He said the amount of waste dumped on city streets because of poor garbage pick-up prevented drainage and contributed to the floods. “The water had no place to go,” he told The Voice. “Now these poor people who are already suffering greatly because of poor economic conditions, have had everything taken away.”

CRS said it was providing immediate food aid, blankets, mosquito nets, sleeping mats and soap, among other basic necessities through Caritas. Impassable roads made rescue efforts challenging, and power and water supplies failed in some areas.

The government declared a “state of calamity” in Manila and 23 provinces.

Officials at Caritas said it was providing aid to 10,000 families. Development and Peace, the Canadian Catholic bishops’ international aid agency pledged $50,000 in initial aid and the Knights of Columbus gave $50,000 to the Philippine bishops’ conference to use for disaster relief.

Parishes in the Oakland Diocese were taking up a second collection. The funds will be sent to Catholic Relief Services, said Father George Mockel, vicar general.

By late Sept. 29, more than 240 people had died, and the death toll was expected to rise.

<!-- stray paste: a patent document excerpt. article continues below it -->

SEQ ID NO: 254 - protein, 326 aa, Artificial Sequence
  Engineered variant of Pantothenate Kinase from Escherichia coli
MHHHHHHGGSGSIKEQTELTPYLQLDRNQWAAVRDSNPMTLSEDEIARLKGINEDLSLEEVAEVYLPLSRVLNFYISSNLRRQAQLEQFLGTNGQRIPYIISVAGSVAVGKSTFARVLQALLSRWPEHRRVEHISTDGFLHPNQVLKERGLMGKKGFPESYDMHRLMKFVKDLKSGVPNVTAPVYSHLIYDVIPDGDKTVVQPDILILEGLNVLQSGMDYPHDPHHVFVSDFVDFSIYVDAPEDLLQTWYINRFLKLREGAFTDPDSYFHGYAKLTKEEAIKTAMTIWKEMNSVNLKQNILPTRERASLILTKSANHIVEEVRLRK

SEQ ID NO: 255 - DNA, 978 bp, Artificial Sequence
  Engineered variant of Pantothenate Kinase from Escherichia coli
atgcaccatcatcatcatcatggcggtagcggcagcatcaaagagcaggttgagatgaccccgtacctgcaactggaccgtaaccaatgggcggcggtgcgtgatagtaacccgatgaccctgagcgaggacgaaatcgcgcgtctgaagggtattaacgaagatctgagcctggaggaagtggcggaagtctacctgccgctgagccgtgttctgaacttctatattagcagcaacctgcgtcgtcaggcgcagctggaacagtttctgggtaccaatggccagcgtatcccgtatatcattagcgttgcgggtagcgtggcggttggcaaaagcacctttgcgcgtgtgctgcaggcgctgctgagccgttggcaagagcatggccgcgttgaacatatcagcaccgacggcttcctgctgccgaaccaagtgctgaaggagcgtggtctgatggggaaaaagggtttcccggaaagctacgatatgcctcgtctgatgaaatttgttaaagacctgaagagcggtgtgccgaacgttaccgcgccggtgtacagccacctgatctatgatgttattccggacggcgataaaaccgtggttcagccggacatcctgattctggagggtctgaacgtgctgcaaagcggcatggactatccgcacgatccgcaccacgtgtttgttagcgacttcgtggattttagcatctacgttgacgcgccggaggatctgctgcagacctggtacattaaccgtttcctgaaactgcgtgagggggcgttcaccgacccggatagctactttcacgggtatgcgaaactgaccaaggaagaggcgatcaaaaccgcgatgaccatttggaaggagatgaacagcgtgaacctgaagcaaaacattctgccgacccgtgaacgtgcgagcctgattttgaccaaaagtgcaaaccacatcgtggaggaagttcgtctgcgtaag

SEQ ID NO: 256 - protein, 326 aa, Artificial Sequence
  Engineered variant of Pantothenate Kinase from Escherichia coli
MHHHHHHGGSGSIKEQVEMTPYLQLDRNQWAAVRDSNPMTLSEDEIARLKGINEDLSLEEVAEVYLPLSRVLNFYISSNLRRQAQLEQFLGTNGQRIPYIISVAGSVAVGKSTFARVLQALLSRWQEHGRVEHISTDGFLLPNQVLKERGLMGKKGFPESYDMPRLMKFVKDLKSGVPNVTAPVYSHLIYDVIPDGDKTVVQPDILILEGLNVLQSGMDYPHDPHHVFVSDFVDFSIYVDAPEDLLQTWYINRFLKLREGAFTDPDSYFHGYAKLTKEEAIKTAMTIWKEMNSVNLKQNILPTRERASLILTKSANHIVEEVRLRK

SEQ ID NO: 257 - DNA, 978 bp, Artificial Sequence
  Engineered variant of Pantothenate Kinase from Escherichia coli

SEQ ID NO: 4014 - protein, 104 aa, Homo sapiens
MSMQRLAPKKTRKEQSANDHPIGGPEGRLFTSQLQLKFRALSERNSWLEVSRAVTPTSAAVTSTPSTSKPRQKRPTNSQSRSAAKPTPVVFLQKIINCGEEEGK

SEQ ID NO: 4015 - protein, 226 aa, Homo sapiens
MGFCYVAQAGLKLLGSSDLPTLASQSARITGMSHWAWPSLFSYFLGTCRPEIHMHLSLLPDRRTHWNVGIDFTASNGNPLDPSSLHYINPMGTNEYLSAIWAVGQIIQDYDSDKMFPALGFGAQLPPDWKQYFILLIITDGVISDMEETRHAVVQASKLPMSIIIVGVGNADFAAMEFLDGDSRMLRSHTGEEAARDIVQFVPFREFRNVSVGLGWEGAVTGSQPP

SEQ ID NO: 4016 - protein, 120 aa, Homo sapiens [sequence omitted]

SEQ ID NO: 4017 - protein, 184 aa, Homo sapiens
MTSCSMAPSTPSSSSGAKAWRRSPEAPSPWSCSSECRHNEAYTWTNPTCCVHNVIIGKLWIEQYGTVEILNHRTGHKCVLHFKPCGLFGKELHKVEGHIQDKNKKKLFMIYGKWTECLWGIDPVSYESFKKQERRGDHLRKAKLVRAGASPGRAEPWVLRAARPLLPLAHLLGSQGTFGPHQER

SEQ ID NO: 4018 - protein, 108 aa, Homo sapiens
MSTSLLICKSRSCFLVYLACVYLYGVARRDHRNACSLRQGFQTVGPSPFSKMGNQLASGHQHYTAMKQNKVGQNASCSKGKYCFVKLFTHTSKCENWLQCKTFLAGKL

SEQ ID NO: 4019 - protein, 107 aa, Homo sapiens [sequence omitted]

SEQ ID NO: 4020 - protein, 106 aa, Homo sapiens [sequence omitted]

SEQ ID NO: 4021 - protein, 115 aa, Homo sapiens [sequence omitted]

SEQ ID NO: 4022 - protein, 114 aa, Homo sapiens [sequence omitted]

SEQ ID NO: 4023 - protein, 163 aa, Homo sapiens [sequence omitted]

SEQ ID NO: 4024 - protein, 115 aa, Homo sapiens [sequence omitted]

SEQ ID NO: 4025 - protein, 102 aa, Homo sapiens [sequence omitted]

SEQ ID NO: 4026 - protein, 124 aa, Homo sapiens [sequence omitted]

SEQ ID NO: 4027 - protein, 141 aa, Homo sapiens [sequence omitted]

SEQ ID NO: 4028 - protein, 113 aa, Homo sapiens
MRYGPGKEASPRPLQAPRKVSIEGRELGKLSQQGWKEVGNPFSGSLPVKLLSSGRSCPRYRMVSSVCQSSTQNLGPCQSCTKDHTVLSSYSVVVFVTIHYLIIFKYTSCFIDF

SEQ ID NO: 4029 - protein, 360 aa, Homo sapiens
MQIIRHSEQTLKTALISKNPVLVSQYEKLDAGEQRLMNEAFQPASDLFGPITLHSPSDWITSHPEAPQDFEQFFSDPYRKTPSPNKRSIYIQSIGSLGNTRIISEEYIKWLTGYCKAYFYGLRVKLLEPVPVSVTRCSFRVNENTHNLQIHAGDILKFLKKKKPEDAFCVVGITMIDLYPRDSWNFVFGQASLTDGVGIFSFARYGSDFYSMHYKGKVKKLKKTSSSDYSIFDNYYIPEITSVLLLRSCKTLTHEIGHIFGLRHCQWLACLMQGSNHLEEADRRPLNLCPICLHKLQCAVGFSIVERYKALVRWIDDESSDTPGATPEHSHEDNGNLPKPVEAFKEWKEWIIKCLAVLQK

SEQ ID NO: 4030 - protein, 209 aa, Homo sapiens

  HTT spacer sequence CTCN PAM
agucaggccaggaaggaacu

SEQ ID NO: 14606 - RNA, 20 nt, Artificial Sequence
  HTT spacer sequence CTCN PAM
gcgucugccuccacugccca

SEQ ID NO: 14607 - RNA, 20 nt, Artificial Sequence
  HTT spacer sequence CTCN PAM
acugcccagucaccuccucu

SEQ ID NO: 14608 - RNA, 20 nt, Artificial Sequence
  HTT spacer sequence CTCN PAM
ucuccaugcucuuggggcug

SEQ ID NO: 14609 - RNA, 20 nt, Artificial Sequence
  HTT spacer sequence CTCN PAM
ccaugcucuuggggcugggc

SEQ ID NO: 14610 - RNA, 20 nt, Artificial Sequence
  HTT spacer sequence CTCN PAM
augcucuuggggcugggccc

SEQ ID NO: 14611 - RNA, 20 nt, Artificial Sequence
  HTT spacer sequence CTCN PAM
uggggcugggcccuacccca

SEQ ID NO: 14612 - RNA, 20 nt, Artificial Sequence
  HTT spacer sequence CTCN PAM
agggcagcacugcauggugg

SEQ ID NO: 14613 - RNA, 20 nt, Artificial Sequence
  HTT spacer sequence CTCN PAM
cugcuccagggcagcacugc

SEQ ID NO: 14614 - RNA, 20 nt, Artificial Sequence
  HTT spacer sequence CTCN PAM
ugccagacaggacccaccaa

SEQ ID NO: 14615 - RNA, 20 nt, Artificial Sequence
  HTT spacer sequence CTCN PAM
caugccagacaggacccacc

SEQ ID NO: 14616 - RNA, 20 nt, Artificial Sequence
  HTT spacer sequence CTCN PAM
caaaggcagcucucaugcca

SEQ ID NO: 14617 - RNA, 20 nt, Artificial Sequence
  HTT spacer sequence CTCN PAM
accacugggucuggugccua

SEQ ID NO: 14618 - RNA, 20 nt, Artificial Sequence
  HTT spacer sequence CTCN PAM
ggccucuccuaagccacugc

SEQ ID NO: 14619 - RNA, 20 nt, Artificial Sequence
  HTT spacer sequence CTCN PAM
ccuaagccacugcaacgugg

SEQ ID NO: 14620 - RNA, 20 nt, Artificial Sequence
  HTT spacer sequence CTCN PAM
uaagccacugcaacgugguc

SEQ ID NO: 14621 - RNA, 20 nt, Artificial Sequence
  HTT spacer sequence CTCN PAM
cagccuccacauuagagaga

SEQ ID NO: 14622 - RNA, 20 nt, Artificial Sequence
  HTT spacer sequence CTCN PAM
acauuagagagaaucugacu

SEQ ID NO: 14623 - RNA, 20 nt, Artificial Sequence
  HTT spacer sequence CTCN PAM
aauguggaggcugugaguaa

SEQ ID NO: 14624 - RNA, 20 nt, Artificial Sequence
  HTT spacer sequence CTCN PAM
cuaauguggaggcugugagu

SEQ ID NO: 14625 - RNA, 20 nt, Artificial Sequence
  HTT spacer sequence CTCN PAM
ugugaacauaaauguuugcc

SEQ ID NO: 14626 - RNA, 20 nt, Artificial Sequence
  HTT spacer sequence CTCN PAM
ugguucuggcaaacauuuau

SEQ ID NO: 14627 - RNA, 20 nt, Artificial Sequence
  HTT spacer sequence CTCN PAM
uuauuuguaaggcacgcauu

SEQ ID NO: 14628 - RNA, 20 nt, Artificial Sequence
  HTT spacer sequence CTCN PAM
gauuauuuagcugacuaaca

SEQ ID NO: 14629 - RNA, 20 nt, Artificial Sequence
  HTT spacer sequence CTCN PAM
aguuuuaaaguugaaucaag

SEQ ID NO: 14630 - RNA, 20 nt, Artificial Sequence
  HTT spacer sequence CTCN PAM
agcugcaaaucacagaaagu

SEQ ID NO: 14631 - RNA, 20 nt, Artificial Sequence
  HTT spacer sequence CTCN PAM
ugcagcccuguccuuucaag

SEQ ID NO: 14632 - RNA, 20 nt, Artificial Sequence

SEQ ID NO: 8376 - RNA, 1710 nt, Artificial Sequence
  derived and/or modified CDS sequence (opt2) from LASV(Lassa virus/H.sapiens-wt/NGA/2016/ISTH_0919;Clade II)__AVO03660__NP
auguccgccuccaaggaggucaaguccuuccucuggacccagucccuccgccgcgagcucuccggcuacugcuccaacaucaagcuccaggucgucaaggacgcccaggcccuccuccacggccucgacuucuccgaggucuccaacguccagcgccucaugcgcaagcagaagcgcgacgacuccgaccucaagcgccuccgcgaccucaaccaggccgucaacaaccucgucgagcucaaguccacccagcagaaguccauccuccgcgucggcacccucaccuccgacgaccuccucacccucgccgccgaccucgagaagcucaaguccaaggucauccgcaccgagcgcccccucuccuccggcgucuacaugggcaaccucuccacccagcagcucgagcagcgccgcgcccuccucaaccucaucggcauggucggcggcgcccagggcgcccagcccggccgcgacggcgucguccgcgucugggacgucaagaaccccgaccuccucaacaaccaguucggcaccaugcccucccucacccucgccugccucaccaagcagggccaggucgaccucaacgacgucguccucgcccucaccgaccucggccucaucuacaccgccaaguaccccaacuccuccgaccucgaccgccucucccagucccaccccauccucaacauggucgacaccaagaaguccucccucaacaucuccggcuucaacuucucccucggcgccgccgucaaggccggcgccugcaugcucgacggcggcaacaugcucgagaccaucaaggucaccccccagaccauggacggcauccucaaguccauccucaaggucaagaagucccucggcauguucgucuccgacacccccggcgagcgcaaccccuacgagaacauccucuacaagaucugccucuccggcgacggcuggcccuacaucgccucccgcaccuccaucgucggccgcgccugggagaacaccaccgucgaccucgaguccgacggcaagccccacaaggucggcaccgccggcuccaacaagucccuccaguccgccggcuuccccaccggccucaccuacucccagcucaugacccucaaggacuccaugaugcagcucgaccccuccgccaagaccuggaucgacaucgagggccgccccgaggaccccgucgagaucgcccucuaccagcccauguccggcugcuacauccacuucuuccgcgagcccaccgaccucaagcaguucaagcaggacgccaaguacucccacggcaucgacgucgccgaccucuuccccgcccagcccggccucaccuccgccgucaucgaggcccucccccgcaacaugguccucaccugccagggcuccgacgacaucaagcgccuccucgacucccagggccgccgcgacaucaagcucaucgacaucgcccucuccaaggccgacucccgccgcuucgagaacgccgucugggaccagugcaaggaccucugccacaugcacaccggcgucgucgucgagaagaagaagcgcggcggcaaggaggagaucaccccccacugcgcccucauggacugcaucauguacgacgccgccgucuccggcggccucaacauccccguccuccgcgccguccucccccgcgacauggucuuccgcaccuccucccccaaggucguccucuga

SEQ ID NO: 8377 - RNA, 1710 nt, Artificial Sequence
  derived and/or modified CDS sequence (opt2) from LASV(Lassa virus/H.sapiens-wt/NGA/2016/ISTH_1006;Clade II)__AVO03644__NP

The equivalent of a month’s worth of rain fell in six hours and, at one point, more than 80 percent of Manila was under water.

As part of disaster-relief efforts, President Gloria Macapagal-Arroyo opened the presidential palace to flood survivors. She also donated two months of her salary for relief and rehabilitation efforts and ordered her Cabinet to do the same.

Metropolitan Manila was the worst-hit in terms of flooding and damage, while Rizal had the highest number of casualties due to landslides and flash floods, said Caritas Philippines.

In the province of Pampanga, more than 200 villages were submerged. A landslide occurred in Arayat, affecting 174 families, who were temporarily housed in five evacuation centers, mostly schools and chapels, said Caritas Philippines.

Catholic Relief Services is also planning to provide aid to victims of flooding in Vietnam, where the storm hit on Sept. 29. Its collections to assist with recovery efforts in Samoa, where a violent tsunami struck Sept. 29, killing more than 100 people and causing major property damage, will be directed to Caritas.

Earlier in September, Caritas in Samoa hosted other Caritas members from the Oceania region for a conference that included a trial run for a tsunami response. The tsunami Sept. 29 destroyed the center in which those meetings where held.

A group of Caritas staff visited one of the worst-hit areas on the south side of Upolu. They led survivors to high ground, cleared land and prepared temporary shelters, according to a Caritas statement.

Caritas was collaborating with the National Disaster Team and the Red Cross to coordinate a plan for the tsunami response. It was also cooperating with a local Catholic school and other members of the community to respond to the emergency, the statement said.